But this isn’t an ordinary circumstance. When a loved one is in Hospice, sometimes the practical thing isn’t necessarily the right thing to do.
I’m inclined to see Judas as having a blockage to his heart that keeps him from being present to this hospice moment.
So, what are we to take from this story?
One thing would be – God’s love is experienced in the present moment – and so we need to be fully present to the moment if we are to experience that love – even if the present moment involves hard things to feel like the pain of grief.
Don’t rush through life as though we have forever, because we don’t. What we have is the present.
And another – don’t wait to find ways to express love to the people in our lives. Do practical things, like cook them meals. But sometimes impractical things, too – like give them an unexpected bouquet of flowers.
And make sure you get to say what needs to be said before it’s too late.
Hospice chaplains talk about how when someone is dying there are some very basic things that need to be said from both sides — by those who are dying, and by those who will remain behind here on earth.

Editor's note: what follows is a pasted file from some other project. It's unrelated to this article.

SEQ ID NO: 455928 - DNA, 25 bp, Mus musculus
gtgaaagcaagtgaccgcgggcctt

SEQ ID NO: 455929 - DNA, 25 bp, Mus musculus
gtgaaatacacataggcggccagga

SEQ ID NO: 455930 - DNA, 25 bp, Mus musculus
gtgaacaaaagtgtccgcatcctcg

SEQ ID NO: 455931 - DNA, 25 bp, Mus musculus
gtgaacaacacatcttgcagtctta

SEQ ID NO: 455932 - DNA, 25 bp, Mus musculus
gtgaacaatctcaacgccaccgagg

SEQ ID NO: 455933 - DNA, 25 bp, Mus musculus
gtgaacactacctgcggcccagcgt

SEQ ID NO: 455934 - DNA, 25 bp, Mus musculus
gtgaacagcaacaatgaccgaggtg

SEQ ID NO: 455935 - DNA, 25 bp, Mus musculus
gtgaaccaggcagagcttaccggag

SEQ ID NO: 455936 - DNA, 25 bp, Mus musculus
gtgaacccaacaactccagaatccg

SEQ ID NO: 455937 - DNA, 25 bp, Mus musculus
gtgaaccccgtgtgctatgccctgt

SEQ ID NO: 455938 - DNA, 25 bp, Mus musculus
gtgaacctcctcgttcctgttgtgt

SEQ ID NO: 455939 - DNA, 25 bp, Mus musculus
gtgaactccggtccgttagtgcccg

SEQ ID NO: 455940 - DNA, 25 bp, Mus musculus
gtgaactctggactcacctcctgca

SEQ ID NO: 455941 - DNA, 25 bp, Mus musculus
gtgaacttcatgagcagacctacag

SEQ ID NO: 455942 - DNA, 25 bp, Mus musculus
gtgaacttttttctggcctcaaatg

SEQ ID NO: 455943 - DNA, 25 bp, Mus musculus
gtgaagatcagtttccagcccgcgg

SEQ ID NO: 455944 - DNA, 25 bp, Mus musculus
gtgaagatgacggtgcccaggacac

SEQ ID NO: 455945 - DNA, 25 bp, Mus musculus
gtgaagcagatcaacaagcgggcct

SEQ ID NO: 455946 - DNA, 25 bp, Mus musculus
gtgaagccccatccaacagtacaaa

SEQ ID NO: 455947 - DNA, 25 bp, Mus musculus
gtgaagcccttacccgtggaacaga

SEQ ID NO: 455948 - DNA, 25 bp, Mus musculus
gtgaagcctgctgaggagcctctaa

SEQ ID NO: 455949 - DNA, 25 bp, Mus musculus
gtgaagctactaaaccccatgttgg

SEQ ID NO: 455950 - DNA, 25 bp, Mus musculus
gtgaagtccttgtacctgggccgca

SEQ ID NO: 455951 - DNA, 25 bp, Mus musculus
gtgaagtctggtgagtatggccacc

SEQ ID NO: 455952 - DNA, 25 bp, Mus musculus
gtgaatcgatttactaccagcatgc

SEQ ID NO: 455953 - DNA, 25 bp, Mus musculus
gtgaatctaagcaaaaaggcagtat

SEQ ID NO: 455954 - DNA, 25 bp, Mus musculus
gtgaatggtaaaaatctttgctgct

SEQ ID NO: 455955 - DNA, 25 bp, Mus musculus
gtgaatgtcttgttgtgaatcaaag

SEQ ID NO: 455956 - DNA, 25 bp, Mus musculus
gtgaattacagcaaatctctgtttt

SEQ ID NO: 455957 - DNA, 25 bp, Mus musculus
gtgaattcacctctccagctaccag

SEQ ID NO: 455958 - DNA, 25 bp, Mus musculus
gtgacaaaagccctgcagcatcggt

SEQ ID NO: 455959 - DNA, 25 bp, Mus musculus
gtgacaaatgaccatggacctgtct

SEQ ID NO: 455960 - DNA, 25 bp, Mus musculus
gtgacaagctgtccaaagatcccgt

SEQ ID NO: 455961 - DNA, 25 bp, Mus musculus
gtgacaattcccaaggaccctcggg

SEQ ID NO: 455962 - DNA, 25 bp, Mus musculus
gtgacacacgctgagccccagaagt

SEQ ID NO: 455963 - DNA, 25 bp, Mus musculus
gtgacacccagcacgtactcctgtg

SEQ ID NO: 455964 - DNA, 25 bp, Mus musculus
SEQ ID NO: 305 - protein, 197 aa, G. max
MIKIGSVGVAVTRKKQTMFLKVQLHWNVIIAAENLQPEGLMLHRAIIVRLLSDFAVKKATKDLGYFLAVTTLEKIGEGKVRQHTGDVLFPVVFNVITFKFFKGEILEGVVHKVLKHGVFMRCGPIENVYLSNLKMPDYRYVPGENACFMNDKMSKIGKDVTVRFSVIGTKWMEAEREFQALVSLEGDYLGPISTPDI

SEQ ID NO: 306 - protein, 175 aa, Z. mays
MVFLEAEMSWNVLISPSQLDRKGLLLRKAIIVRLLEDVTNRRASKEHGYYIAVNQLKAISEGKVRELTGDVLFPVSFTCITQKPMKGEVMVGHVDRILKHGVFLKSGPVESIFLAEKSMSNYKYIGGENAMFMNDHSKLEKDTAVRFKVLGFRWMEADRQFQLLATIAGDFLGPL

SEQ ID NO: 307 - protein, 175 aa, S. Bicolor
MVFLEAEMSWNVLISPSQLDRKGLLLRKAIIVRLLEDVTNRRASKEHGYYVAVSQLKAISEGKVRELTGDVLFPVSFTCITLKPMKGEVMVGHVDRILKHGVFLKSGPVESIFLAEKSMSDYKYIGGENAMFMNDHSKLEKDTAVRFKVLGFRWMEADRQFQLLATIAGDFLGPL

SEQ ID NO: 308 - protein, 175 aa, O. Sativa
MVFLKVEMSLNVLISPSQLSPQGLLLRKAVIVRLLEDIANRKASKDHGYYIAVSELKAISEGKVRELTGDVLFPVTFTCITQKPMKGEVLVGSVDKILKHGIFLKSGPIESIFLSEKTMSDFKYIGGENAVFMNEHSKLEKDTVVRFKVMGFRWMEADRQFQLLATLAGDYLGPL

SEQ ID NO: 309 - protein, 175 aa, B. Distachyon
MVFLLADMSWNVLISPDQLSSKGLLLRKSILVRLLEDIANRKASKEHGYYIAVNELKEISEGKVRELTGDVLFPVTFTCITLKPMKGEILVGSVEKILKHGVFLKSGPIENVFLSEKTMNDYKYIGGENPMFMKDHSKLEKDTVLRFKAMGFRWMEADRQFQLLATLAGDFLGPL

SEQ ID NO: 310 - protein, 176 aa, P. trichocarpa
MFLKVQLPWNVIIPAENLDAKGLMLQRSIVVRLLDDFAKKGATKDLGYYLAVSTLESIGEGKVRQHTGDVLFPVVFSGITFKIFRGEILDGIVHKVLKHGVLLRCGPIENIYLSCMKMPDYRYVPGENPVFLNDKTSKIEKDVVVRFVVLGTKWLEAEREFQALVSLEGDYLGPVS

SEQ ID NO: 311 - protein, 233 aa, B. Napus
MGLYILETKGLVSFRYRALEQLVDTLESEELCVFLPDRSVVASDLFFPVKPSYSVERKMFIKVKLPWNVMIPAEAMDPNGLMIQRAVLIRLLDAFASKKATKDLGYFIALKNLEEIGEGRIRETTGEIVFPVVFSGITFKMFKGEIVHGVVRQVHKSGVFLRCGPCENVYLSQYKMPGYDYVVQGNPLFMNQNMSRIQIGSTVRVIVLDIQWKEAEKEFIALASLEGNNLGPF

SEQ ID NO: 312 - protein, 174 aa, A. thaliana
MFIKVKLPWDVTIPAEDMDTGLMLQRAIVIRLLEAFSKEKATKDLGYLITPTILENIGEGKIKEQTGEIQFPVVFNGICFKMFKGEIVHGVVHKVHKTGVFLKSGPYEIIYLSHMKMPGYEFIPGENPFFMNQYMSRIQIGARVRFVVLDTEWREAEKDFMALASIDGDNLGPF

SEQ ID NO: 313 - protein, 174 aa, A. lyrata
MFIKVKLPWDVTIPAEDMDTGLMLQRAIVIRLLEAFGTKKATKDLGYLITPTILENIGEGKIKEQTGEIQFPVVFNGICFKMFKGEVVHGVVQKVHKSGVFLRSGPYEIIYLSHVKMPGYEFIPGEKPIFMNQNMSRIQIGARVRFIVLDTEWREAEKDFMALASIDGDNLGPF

A couple of them are real no brainers: “I love you.” “Thank you for having been in my life.”
Since we inevitably hurt those we love in the course of life some of the things that may need to be said can be more challenging: “I forgive you.” “Please forgive me.”
And at some point, the one who is dying needs to be given permission to take their leave – a blessing if you will. Some tears will probably need to be shed to reach the point where we are ready to let go of someone we love. In a certain way this is what Mary was doing for Jesus: she was anointing his body for burial. Mary was telling Jesus she loved him, embracing her grief, but she is also letting him go — preparing him for the journey ahead.
In the midst of the grief present at that dinner party lovingly hosted by Martha there was a great hope – a hope expressed by the beautiful fragrance that Martha’s broken jar of perfume unleashed. A chapter earlier, a grief-stricken Martha had lamented to Jesus the fact that her brother Lazarus’ decaying body – three days in the tomb – would give off the terrible stench of death.
Here now the terrible stench of death is replaced by sweet fragrance of grace. Death is defeated.
In a few minutes we too will share a dinner party with Jesus gathering in our imagination in that upper room Jesus shared with his disciples the night before Jesus died. As he gives us his body and blood, he tells us he forgives us all our sin, our great regrets. The fragrance of God’s great grace is present. You don’t have to be held captive to your past.
Perhaps as you receive the bread and the cup you will also be reminded of the people in your life to whom there are words you need to say in word and deed: “I love you. Thank you for being in my life. I forgive you. Please forgive me.”